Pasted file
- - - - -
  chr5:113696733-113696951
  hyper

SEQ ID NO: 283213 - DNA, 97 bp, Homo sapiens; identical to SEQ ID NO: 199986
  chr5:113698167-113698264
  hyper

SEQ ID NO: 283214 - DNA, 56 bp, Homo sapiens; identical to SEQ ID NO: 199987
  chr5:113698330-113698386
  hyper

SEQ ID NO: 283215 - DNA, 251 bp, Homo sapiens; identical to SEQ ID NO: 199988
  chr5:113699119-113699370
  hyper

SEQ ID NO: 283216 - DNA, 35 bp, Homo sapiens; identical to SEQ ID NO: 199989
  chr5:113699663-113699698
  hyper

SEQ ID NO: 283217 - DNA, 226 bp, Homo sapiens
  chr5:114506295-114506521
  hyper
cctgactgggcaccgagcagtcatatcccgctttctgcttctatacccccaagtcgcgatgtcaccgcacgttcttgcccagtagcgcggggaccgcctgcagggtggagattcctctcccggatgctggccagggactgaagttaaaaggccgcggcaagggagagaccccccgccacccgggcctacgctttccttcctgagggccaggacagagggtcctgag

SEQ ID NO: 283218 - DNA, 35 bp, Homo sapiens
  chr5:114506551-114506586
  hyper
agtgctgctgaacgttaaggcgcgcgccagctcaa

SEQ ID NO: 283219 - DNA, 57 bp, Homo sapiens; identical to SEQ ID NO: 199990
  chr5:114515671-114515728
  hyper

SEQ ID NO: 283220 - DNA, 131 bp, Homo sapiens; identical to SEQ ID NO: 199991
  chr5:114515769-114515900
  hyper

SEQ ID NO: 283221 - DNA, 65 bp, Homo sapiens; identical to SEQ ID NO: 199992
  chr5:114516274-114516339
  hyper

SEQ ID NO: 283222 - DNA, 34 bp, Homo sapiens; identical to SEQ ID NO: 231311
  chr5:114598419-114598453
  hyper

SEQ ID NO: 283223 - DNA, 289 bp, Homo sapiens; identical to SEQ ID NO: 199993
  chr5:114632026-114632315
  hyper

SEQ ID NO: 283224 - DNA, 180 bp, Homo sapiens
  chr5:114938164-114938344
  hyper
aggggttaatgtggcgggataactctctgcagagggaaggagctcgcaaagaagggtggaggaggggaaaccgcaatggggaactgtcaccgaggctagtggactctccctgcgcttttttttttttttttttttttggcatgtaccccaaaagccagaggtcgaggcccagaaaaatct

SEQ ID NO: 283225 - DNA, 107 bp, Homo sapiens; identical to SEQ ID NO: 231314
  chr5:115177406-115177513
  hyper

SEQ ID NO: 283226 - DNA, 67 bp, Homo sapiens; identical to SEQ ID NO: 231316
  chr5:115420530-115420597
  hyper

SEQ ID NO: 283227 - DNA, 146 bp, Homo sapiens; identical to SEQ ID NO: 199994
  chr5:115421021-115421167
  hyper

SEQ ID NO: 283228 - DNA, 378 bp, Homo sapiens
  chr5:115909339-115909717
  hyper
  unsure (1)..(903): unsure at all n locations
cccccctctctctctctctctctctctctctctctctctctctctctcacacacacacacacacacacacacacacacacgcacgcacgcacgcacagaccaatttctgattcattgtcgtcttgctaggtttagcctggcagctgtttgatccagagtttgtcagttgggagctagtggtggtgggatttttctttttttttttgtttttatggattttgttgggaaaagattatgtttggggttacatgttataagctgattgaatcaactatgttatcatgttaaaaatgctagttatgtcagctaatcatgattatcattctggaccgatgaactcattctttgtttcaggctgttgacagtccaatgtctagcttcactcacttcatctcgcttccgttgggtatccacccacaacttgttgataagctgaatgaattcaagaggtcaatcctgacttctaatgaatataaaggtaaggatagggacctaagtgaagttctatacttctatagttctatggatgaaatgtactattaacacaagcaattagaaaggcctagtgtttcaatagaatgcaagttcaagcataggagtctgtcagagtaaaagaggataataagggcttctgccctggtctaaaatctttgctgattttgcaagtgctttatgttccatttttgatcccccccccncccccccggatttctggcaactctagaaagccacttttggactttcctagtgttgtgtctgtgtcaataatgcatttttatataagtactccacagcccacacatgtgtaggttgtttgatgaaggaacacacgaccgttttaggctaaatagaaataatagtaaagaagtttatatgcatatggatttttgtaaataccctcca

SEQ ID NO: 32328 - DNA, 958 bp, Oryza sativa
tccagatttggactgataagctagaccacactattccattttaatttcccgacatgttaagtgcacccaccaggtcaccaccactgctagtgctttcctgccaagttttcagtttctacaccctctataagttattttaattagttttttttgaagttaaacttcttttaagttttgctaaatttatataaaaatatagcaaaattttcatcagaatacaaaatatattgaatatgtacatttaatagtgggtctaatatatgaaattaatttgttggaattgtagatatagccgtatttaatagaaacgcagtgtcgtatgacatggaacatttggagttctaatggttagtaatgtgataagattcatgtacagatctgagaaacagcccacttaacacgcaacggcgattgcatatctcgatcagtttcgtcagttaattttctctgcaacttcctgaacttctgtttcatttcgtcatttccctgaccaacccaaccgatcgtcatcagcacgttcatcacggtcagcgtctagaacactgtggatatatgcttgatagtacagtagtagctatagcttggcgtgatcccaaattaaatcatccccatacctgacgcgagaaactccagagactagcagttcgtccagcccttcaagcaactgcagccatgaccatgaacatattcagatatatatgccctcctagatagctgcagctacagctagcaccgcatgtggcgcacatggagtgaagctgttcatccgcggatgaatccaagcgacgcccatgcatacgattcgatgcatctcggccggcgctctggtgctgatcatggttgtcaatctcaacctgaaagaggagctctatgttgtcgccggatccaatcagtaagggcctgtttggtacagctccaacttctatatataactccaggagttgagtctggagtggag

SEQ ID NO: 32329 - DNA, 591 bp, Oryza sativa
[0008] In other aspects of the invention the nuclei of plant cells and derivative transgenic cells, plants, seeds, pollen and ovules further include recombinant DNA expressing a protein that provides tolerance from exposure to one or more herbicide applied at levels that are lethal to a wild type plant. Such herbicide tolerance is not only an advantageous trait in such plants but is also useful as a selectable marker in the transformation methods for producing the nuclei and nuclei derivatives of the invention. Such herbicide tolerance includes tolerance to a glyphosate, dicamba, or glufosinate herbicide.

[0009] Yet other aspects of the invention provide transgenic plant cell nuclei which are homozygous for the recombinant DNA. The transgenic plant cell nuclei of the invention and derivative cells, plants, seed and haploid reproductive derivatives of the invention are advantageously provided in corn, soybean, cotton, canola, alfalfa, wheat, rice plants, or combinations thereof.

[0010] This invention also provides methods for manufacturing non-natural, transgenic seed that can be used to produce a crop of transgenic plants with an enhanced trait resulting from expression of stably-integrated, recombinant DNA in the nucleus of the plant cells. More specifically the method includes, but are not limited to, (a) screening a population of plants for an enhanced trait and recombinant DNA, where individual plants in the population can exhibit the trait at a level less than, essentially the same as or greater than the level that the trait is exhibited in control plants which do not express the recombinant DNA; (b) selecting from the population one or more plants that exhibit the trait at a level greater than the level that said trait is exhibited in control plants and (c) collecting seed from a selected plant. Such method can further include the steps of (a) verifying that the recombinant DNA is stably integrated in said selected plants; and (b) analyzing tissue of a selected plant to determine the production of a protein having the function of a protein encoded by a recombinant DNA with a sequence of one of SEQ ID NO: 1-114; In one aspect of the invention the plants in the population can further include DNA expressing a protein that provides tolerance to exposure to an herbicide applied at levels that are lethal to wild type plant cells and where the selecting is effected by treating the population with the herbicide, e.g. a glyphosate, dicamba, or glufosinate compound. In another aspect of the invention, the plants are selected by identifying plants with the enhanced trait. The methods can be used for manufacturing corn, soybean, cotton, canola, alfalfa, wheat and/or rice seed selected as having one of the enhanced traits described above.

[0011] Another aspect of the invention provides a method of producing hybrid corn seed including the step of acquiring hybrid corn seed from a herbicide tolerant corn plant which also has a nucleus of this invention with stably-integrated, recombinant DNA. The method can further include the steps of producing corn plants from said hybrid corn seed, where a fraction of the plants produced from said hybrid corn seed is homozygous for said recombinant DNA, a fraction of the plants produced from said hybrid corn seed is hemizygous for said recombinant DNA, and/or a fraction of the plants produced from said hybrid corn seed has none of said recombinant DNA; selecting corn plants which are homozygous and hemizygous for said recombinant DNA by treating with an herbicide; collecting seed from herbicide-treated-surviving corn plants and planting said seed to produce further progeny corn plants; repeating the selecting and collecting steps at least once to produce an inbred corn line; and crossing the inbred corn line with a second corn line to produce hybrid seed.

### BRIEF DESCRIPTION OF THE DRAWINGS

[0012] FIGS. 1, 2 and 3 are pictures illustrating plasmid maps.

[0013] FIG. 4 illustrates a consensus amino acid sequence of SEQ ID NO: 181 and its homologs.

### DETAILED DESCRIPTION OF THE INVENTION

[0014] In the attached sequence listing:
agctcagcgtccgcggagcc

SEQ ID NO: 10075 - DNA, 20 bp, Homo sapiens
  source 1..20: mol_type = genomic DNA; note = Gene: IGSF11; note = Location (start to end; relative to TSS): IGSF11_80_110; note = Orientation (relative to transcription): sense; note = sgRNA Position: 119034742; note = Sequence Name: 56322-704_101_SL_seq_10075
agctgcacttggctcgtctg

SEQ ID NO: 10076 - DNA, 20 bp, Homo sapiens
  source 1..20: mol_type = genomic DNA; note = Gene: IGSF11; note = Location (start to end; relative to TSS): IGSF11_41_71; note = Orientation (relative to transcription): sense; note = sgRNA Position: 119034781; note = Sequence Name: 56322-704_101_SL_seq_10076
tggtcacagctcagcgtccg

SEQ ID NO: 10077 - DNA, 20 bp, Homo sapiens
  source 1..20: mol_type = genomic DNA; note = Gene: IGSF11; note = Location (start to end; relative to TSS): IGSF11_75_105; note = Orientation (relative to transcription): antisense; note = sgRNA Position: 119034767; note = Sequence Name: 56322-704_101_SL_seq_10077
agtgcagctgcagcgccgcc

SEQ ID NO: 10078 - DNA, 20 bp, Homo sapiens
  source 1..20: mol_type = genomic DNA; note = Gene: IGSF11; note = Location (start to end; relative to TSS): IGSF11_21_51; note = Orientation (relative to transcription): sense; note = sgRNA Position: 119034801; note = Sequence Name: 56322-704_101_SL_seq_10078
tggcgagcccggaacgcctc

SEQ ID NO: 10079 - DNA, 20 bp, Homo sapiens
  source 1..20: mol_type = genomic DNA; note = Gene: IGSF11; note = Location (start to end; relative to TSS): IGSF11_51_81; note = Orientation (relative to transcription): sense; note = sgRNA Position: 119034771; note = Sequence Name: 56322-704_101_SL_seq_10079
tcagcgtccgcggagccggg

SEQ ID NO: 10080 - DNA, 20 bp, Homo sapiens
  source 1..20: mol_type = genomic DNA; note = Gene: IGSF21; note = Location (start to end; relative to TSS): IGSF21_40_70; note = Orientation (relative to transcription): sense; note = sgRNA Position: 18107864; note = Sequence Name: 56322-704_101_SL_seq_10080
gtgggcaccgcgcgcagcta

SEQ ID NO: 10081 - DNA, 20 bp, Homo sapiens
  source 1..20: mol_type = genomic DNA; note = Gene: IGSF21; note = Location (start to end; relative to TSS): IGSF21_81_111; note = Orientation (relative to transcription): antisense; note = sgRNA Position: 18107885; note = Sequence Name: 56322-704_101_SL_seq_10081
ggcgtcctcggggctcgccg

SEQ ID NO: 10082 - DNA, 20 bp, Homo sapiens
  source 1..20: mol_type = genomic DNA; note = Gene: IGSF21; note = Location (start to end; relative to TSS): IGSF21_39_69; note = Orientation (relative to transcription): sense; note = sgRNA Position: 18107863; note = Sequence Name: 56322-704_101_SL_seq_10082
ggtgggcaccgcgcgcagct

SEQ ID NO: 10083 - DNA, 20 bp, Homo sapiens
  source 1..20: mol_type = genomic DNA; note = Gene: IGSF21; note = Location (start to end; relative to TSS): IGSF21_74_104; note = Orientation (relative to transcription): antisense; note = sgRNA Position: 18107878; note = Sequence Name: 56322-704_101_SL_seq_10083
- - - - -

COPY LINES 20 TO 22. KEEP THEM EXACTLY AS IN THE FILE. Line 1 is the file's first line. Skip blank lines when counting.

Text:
  chr5:114506551-114506586
  hyper
agtgctgctgaacgttaaggcgcgcgccagctcaa